From this it will be seen that the strange assumption is made that every dollar of coin that went into circulation in this country since June 30, 1872, and whose exportation is not registered at the custom house, is not only still in circulation, but is in circulation in this country.

No deduction is made for the money lost and never found during twenty years, nor for coin used in the arts by the thousands of goldsmiths, who make no report of what they use. No deduction is made for what the Chinamen have sent home in twenty years, nor for what has been carried in men's pockets over our northern border or our southern border, nor for what was carried away in the pockets of traders who brought goods to our markets and did not register the gold they took away; nor was any deduction made for the vast amounts carried to Europe by American travelers during those years.

On page 38, report of the Director of the Mint for 1891, in speaking of the vast sums of American coin carried out of the country in the then previous year, the Director says:

"The gold carried out of this country to meet the expenses, by sea and land, of Americans spending their summers abroad, must have


nearly, it not quite equaled the year of the Paris Exposition, when such expenditures were estimated at over $92,000,000."

Whether the Director means that this sum was carried out by American travelers over and above the money they paid for letters of credit, etc., and which was registered at the custom house, is not clear; but we will assume that a part of the above was registered at the custom house when it left this country, and was therefore included in the exports already deducted. Still a very large part of it was carried out of the country in the pockets of American travelers, and was therefore not registered anywhere, although it was completely lost to this country, or if it came back it was imported and registered and formed a part of the stock given by the Director. The European travel on the part of Americans has been very heavy every one of the twenty years since 1872, so that during this time there must have been several hundred millions of coin carried abroad in this channel alone without being registered, and which was therefore not included in the deductions made for exports. When this and the other channels through which coin has been flowing from us for twenty years without being registered are considered, it becomes at once apparent, even if there were no other source of information, that there is not much over half of the coin now in this country that is claimed.

In determining the amount of paper money outstanding, the department assumes that all the paper money that was issued since 1862 is still in circulation, unless it has been returned to the department for cancellation. No allowance is made for loss by destruction, nor for money that was lost and never found. The Comptroller of the Currency, in his report for 1892, page 57, shows that from the time the national banking system was created, nearly thirty years ago, to the present, the national banks have issued $1,693,501,685 of currency, consisting of 214,563,922 separate bills of different denominations. Of this, $1,521,437,753, consisting of 193,281,997 separate bills have been presented at the Treasurer's office and canceled or redeemed, and the department assumes that the difference between the amount issued and the amount canceled is still in circulation. Just what the loss would be during nearly thirty years — from destruction and from money that was lost and never found by anybody — on these national bank issues it is impossible to tell, but when the length of time and the volume which was issued from first to last is considered, it is apparent that the loss must have been large.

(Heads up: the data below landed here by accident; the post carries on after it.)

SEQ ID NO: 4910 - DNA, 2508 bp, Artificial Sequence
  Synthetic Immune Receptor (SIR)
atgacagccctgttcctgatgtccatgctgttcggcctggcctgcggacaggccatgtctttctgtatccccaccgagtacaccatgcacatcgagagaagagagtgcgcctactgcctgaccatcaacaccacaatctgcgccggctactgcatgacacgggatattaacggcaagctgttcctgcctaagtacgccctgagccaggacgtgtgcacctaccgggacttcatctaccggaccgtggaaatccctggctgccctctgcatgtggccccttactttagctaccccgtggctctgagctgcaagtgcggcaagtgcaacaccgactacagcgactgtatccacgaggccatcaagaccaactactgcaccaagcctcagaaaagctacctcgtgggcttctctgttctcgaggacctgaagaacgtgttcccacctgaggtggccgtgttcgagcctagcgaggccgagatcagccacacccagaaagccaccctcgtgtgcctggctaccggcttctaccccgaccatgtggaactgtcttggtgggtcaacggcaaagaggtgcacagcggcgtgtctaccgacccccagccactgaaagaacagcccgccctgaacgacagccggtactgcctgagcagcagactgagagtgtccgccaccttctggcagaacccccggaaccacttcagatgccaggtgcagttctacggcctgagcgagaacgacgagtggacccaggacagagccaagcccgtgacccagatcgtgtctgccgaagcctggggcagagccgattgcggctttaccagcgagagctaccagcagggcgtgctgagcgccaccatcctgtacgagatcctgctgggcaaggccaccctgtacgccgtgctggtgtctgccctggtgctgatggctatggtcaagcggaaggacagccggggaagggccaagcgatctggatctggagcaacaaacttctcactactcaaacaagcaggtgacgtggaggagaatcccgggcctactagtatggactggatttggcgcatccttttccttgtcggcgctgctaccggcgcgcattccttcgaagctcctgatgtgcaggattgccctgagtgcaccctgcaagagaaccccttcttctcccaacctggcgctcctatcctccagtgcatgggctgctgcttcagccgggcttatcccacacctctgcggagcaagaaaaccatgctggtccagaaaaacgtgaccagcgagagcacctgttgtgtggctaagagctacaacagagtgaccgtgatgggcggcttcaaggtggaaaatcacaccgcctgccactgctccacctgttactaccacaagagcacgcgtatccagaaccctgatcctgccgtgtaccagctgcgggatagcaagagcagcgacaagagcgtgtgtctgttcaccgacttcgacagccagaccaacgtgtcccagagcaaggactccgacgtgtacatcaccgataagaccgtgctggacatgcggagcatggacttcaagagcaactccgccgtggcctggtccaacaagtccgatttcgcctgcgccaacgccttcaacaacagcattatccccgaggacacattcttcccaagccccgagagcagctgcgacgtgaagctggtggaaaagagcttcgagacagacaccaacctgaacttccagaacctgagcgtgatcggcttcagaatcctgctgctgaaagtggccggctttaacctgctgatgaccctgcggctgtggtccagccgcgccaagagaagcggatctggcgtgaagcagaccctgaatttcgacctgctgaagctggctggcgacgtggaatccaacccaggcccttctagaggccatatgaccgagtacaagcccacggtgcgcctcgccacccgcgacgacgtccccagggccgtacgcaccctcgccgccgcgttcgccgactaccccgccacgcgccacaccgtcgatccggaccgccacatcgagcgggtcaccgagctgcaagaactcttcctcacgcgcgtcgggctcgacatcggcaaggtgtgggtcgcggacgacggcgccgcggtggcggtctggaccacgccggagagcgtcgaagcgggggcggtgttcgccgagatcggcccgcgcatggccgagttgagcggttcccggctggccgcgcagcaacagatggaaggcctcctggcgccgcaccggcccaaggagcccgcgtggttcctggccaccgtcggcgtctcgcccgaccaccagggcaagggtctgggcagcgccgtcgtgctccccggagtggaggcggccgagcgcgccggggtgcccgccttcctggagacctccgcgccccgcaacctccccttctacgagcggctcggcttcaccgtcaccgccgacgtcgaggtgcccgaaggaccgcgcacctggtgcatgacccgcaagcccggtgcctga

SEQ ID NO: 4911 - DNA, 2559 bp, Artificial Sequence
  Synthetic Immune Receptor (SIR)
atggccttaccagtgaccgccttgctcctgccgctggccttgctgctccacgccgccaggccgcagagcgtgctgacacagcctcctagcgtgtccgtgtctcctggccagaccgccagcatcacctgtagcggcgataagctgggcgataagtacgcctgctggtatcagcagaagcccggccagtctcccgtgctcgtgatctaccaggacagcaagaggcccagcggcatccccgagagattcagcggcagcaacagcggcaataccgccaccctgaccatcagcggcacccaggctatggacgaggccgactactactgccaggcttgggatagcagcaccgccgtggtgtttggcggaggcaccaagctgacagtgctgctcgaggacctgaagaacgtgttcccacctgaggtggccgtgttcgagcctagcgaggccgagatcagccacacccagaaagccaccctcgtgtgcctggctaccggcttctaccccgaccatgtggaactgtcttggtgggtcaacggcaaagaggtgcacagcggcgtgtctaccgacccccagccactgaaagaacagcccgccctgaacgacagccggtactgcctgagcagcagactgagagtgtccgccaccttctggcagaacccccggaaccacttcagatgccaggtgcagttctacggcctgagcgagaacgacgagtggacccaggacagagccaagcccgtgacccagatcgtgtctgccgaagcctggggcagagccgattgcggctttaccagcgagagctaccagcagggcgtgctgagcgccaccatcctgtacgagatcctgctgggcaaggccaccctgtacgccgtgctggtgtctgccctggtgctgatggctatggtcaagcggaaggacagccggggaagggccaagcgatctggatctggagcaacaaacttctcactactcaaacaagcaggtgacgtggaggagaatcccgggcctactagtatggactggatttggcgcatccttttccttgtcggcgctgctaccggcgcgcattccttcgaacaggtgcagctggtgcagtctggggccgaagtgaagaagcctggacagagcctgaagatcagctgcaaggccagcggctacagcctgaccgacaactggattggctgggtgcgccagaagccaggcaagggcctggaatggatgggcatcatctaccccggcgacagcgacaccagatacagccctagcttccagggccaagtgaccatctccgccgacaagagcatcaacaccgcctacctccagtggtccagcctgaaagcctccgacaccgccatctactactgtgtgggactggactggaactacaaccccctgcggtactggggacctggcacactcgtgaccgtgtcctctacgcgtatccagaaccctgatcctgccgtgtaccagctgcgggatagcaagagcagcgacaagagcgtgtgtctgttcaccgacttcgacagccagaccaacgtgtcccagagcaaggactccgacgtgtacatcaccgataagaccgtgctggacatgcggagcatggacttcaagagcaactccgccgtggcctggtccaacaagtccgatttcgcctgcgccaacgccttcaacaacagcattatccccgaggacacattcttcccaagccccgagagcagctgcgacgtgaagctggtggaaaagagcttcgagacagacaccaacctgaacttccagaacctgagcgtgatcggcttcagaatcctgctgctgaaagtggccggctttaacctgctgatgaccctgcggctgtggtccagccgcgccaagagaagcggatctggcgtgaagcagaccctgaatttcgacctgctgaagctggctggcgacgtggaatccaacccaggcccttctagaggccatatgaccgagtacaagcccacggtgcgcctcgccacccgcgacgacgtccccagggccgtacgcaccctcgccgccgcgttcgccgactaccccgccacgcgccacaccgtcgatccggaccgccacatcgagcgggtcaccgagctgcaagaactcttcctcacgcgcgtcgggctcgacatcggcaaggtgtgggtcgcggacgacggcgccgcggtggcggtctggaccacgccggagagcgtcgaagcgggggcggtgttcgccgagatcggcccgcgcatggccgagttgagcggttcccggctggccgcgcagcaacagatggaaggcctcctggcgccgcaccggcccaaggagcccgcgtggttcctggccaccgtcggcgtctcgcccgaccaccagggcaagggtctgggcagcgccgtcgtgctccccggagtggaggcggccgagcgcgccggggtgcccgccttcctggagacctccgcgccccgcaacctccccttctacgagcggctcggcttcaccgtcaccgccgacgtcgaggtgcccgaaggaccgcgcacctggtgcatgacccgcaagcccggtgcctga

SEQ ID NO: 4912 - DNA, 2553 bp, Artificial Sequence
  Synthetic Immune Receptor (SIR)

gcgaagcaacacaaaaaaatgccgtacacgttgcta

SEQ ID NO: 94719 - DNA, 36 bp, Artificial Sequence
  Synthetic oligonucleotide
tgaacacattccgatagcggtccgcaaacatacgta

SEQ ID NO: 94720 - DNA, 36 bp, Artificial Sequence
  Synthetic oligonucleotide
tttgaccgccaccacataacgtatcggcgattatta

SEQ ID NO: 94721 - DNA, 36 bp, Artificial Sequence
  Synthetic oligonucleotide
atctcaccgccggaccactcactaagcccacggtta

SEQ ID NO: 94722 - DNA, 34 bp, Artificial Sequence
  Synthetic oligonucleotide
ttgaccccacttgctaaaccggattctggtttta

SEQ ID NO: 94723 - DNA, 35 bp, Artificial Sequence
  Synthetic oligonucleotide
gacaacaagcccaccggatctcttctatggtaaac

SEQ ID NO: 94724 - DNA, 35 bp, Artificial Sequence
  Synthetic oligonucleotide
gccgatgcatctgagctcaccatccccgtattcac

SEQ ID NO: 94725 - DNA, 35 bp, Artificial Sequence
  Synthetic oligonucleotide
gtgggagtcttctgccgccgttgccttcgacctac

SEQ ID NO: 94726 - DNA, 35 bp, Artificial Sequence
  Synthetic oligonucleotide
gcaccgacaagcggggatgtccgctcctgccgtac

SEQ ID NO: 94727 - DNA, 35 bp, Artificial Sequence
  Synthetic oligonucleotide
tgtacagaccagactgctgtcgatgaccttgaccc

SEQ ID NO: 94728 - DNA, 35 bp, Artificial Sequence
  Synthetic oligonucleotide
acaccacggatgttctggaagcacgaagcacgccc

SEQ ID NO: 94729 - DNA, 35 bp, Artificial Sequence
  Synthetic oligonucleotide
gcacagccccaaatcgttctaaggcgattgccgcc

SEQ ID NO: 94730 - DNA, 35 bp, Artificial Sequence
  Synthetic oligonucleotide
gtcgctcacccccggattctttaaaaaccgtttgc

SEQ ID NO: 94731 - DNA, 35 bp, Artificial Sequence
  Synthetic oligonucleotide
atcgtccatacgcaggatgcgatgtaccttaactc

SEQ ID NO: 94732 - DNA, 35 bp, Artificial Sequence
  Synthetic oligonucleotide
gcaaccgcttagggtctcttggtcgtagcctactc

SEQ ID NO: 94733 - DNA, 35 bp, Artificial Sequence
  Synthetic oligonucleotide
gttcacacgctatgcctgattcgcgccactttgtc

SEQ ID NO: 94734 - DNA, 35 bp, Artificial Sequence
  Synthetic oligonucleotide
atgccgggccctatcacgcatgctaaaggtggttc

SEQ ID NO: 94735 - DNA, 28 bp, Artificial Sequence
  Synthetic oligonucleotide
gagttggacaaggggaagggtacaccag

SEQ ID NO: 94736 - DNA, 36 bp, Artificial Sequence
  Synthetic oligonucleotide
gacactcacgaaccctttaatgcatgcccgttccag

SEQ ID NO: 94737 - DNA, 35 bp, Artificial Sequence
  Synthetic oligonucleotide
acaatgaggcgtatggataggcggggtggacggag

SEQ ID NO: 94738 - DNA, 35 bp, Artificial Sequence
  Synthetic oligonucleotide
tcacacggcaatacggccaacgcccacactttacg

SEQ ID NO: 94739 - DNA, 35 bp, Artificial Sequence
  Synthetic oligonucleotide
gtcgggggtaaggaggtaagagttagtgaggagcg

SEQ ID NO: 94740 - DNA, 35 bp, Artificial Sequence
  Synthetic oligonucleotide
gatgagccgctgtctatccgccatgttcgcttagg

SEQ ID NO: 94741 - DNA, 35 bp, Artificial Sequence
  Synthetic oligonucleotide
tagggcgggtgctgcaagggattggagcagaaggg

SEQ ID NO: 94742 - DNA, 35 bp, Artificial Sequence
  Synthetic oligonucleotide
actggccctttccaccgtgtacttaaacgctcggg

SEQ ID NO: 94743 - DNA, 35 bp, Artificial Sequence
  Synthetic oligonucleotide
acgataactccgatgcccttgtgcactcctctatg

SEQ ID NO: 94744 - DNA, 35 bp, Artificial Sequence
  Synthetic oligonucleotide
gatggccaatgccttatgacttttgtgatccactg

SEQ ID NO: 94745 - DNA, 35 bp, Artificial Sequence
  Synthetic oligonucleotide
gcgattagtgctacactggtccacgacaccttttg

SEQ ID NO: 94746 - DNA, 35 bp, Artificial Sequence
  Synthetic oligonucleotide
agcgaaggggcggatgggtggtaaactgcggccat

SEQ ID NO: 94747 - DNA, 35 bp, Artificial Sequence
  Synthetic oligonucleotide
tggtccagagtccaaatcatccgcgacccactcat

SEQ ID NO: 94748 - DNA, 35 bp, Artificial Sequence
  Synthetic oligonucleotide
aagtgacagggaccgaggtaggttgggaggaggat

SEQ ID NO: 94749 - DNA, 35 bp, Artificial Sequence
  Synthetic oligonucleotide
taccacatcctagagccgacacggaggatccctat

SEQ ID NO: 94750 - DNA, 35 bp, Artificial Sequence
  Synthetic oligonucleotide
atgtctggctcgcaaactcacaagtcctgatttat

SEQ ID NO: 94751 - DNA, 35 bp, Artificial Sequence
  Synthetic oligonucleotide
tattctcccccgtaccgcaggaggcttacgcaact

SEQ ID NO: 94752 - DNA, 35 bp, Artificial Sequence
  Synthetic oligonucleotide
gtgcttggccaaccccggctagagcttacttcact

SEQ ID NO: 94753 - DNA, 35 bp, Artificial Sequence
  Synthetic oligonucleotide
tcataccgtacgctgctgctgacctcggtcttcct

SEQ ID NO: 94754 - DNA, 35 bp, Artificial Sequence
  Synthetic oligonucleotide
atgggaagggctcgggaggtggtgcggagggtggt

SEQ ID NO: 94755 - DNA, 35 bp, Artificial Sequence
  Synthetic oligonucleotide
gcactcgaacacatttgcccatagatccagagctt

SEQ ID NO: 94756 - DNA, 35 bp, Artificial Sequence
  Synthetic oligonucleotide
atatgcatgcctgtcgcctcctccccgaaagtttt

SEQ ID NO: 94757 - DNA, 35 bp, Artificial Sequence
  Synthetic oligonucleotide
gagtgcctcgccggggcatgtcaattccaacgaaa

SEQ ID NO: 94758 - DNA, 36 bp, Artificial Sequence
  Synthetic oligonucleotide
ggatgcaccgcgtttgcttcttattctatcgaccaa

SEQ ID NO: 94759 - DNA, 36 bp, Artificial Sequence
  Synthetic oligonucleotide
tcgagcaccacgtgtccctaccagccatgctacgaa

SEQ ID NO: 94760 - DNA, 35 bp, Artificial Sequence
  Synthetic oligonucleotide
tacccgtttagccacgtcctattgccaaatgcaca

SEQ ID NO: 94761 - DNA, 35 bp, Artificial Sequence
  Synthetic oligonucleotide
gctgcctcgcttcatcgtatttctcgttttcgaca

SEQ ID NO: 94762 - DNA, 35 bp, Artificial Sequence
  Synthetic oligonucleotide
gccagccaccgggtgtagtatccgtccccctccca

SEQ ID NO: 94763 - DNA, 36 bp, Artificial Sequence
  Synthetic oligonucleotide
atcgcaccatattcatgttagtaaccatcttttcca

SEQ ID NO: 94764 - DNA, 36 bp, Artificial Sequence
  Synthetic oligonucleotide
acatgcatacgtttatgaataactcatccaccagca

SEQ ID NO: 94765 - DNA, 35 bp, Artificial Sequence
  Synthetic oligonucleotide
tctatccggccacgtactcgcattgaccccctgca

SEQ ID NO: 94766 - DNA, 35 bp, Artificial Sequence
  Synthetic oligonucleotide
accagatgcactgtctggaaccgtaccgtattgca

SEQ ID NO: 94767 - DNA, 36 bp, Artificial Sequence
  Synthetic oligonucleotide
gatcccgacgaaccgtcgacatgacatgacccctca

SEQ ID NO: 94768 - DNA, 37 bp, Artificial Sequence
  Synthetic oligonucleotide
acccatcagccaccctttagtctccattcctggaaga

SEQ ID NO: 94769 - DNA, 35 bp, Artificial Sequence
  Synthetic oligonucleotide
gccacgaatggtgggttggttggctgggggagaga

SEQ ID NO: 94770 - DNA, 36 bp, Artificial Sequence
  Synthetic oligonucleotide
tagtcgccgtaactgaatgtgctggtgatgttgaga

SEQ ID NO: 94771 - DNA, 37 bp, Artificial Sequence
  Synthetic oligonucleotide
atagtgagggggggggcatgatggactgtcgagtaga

The Treasury Department, from time to time since 1862, issued large volumes of United States notes under the different acts


authorizing such issues, and then proceeded to redeem the larger part. According to the report of Mr. Windom, Secretary of the Treasury, for 1890, the total amount of money thus issued was nearly three billions of dollars, which has all been called in and canceled, except about four hundred and fifty millions, and it is assumed that every dollar of this is still in circulation. It is impossible to tell how much of this vast amount was lost and destroyed during nearly thirty years. But when the large volume issued and the long time is considered it must be a large sum.

Again, during the same time the government has issued over two billions of gold and silver certificates, and has redeemed all but about four hundred and seventy millions. Plow much of this large volume was lost we cannot tell, but a considerable sum must have been. To be sure the gold and silver against which these certificates were issued is still supposed to be in the treasury, but so long as the certificates are not presented the coin must be held to redeem them, and therefore cannot go into circulation.

Taking the national bank notes and all the paper money issued by the United States Treasury during the last thirty years, it amounts to more than six and a half billions of dollars. That there was annually a large sum of this lost and destroyed is certain, yet the department assumes that every dollar is still in circulation unless it was canceled at the treasury.

If we had no other source of information, the facts above given relating to the annual loss of coin and destruction and loss of paper money for thirty years would lead to the conclusion that we cannot have much more than half the amount of money now in circulation in this country that is claimed in the tables given by the Director of the Mint. And this is simply confirmed by the report of the Comptroller of the Currency, showing the exact amount of money in the banks. It may be claimed by some that I have estimated the amount of money in the pockets of the people too low; that there were more than ten dollars on an average in the pockets of each family in the United States. This claim will hardly come from any one who has lived among the farming and laboring classes of this country, and who knows how very little money is usually to be found among them. But if it were even to be conceded that there were fifteen dollars instead of ten on an average in the pockets of each family in the United States, including the negroes of the South and all the laboring and poorer classes, at the close of business on July 12, 1892, it would add only sixty-five millions of dollars, which would hardly bring the whole sum up to two-thirds of the amount that is claimed to be in circulation.



Including National Bank Notes and Coin Certificates.